When it comes to getting over heartbreak, time will help you heal

Everyone who has had a broken heart knows that not all feel the same. Some broken hearts prove that maybe the feelings weren’t as strong as one thought, or that it was just lust. But, the first real painstaking heartbreak is something that nobody can truly be ready for.

What I wasn’t prepared for was the love that changes you. That first serious relationship, where you become one, you become a part of their family, move in together, get pets, share bills, start building a life together. A love that you physically and mentally can’t prepare for, you just have to experience it for what it truly is – painfully remarkable. 

In recent studies done through John Hopkins University and The New England Journal Of Medicine shows that heartbreak triggers your brain to cause you to feel real “pain” physically. The linkage between heartbreak and death appears to hinge on the flood of stress hormones, including adrenaline, GH and cortisol. So no, you’re not crazy for getting an ache in your chest or a loss of breath when the thought of the person you lost pops into your head.

This isn’t to say that you will die from a heartbreak – the point is that feeling like a painful mess after losing the one you love is normal. 

It is normal to cry, scream, laugh, smile and actually feel happy and sad at the same time. There is no manual or guide to getting over a breakup. If there was, I am sure it would be a constant No. 1 bestseller. The only manual there is is learning with time. That’s what I’ve had to realize the most – as frustrating as it may be, it’ll only get better with time. 

That’s probably the last thing anyone wants to hear, even for me. Everyone tells me, “It’ll just take time,” and after a while, when time is seemingly at a standstill and your feelings haven’t changed, you wonder how much more time it’ll take. It begins to sneak up on you – one day you realize you haven’t thought about that person for a few days and then you are a complete wreck for the next two. 

“You’re so used to seeing them and being around them, hearing their voice, laughing with them,” said Paulina Trujillo. “And all of a sudden it all ends, and you no longer have someone to share everything with. It’s even harder when you’ve met their family or pets. It’s very difficult because it’s not just them you’re not talking to anymore, it’s their family too.”

You’ll find yourself purposely putting on sad music just to make yourself cry harder – hoping it’s not just me who does that – to really get it all out of your system. That’s one thing I think everyone should do in this situation: Let those feelings out. Become that ketchup – or ranch – bottle you see in your fridge and just squeeze out your feelings. 

“In order to try to move past that [heartbreak], I wrote down everything that happened between us,” said Jillian Morrison, a sophomore at DePaul. “Everything he said, everything he did in such painstaking detail so it could exist in a place other than my brain.”

Trying to suppress the pain of not being with the one you love is only going to make that, “It’ll just take time” feel even longer.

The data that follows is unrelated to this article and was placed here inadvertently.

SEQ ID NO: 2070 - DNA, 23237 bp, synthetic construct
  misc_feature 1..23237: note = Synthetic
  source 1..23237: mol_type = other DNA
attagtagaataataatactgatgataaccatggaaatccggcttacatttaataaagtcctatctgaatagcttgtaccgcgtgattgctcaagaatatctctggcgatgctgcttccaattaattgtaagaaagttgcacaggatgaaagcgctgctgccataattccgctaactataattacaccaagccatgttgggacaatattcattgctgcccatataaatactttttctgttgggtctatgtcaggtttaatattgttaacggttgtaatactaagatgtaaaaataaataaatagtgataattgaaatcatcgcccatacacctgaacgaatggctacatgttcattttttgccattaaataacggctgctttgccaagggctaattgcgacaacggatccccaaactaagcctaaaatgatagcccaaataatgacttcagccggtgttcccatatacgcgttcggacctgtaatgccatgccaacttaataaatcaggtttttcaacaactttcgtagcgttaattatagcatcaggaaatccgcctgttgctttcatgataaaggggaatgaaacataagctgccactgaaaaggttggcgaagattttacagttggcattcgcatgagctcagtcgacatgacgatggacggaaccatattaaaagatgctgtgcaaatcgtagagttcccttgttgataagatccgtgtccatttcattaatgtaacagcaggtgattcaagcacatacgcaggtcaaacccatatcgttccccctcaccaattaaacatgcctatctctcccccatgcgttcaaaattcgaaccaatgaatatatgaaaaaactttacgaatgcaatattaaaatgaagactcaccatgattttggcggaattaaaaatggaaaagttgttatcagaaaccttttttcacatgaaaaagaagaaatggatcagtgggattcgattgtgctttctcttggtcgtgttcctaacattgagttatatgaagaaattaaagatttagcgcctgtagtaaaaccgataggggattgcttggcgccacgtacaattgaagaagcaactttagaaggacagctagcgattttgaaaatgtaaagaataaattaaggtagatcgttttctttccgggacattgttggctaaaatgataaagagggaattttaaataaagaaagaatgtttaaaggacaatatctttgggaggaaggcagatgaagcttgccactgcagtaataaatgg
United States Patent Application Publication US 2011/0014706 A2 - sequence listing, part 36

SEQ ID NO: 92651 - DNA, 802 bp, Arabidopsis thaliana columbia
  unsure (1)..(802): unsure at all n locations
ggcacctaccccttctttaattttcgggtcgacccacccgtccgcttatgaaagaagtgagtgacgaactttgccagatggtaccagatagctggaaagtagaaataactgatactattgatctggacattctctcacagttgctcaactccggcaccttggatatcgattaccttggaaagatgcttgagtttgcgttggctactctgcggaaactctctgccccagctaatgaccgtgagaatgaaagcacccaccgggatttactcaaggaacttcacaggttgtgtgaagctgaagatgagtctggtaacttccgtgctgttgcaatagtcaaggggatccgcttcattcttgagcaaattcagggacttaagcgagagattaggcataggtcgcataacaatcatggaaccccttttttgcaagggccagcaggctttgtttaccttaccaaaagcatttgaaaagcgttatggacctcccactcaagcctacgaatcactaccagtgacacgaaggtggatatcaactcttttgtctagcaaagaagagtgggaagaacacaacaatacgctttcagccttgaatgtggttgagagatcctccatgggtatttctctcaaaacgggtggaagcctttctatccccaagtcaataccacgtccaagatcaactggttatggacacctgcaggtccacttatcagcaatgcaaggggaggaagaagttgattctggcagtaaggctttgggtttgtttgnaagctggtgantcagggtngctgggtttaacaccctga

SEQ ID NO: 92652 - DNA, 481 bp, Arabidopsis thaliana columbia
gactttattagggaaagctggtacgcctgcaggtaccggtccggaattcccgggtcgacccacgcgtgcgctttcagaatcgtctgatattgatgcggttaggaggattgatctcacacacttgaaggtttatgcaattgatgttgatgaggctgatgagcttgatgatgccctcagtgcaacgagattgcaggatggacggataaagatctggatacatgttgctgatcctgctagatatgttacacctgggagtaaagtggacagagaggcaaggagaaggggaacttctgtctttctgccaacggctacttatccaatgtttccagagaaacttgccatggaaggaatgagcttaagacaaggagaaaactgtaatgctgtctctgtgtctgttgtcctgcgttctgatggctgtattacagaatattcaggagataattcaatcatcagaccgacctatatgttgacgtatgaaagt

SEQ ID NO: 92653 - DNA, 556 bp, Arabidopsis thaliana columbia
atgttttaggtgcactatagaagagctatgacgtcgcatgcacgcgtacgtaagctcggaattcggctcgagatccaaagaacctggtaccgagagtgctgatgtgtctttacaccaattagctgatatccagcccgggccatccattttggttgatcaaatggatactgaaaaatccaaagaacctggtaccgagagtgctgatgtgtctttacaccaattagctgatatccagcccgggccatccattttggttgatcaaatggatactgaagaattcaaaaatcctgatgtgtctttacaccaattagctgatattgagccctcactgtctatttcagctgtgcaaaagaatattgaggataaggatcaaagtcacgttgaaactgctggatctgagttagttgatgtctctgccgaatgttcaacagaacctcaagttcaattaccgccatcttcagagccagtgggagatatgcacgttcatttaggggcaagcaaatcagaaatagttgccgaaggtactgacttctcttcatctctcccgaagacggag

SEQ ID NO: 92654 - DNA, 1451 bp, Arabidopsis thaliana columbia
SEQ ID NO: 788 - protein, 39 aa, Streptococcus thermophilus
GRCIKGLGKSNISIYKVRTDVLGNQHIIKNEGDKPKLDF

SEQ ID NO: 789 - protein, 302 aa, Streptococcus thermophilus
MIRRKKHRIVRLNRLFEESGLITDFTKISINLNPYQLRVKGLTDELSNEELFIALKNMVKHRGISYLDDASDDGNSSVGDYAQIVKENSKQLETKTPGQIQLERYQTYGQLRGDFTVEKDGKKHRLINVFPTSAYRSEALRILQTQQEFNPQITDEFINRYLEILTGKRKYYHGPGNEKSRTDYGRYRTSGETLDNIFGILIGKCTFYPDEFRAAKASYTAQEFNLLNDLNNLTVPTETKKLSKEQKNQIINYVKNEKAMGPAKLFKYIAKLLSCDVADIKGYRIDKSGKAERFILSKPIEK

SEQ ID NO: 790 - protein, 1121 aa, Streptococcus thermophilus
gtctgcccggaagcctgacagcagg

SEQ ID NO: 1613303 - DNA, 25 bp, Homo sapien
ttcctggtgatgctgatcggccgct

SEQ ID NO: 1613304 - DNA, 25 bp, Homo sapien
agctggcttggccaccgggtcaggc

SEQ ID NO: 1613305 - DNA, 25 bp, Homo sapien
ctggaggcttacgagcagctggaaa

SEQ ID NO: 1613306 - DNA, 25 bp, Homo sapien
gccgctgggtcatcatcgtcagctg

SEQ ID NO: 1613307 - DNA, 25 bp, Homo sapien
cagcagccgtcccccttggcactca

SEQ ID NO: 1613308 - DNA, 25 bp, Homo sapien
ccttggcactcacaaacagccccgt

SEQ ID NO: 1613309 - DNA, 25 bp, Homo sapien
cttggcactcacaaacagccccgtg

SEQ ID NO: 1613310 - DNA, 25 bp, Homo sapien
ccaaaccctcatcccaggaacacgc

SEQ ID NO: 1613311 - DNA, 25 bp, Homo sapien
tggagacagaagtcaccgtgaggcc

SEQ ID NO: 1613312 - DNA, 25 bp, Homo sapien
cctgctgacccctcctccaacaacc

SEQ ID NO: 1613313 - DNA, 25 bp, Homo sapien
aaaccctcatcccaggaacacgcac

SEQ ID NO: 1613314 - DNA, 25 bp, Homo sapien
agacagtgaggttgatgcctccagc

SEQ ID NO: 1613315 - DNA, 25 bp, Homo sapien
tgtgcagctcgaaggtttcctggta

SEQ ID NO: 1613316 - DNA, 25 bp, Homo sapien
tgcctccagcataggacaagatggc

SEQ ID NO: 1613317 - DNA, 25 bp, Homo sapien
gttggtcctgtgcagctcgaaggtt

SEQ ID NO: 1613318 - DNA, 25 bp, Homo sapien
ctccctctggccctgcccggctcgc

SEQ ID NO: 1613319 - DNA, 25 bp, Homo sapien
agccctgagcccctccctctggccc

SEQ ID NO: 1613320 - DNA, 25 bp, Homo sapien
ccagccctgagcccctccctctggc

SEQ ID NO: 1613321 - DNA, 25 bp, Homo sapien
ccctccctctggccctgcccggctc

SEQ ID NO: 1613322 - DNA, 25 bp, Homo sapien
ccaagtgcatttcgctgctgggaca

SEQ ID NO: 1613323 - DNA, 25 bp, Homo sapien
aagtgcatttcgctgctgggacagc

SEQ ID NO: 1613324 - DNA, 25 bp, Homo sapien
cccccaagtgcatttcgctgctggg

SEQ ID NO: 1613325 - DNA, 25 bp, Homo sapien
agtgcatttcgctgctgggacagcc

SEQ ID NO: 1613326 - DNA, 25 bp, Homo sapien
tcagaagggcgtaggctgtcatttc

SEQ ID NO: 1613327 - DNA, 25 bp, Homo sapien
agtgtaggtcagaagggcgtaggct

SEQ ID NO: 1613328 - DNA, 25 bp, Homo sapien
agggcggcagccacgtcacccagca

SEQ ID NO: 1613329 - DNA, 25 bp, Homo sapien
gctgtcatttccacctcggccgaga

The heartache feels like the tectonic plates of your life have shifted and now your whole world is shaking. For a while, you’re just trying to stand still on your feet. With every day that passes – the floor begins to settle, and you can begin to walk. 

Once you feel that earth-shattering heartbreak, every corny thing that parents always say when you’re younger becomes true. It’s unfortunate it takes getting your heart thrown into a woodchipper to make those corny quotes shine, but that’s the beautiful part of heartbreak – growth. 

“I allowed myself to blossom under conditions that were not designed for that to happen,” Morrison said. “Either conditions I directly or indirectly helped create.”

You rediscover yourself and it begins to feel like the first time you watched your favorite movie or heard your favorite song. There is that, “Wow, that was so amazing” moment, and you begin to have these moments about yourself. You begin to realize what you might’ve lost or no longer had sight of. 

When you’re stripped of the person you love, you begin to put that love back into yourself. It takes time, so much time it feels like you’re waiting to check out at Costco on a Sunday. Maybe it feels longer than that three-hour long bio lab – it 100 percent does – but the feeling you get when it’s over is worth it. 

“The most rewarding thing about heartbreak is how freeing it is,” Trujillo said. “Once you’re done with the process of healing and get over that dread. And freeing in the sense that you have all the freedom to do whatever you want with whoever you want. No rules, no guidelines. You don’t have anyone to report to, everything is your business and your business only again.”

The feeling of falling in love with yourself again is one of the most beautiful parts of being heartbroken. Don’t fret on the amount of time it takes to heal from this. Some heal faster than others do and that is okay. In the long run, you’ll learn more about who you are as a person and how you want to be loved. Most importantly, you learn happiness. 

You can’t search for happiness, you just become it. It’ll creep up on you when you catch yourself smiling while at dinner with friends, or when you’re cooking dinner and dancing while listening to the new Lil Nas X album. It’ll happen in the smallest ways that lead to the largest amount of growth.

There is a never-ending amount of beauty that can’t be seen right away, but it will shine brighter than the love that was lost.

I recently saw a quote about time:

“The people we meet at the wrong time are just the wrong people. You never meet the right people at the wrong time because the right people are timeless.”

Everyone will have their “timeless.”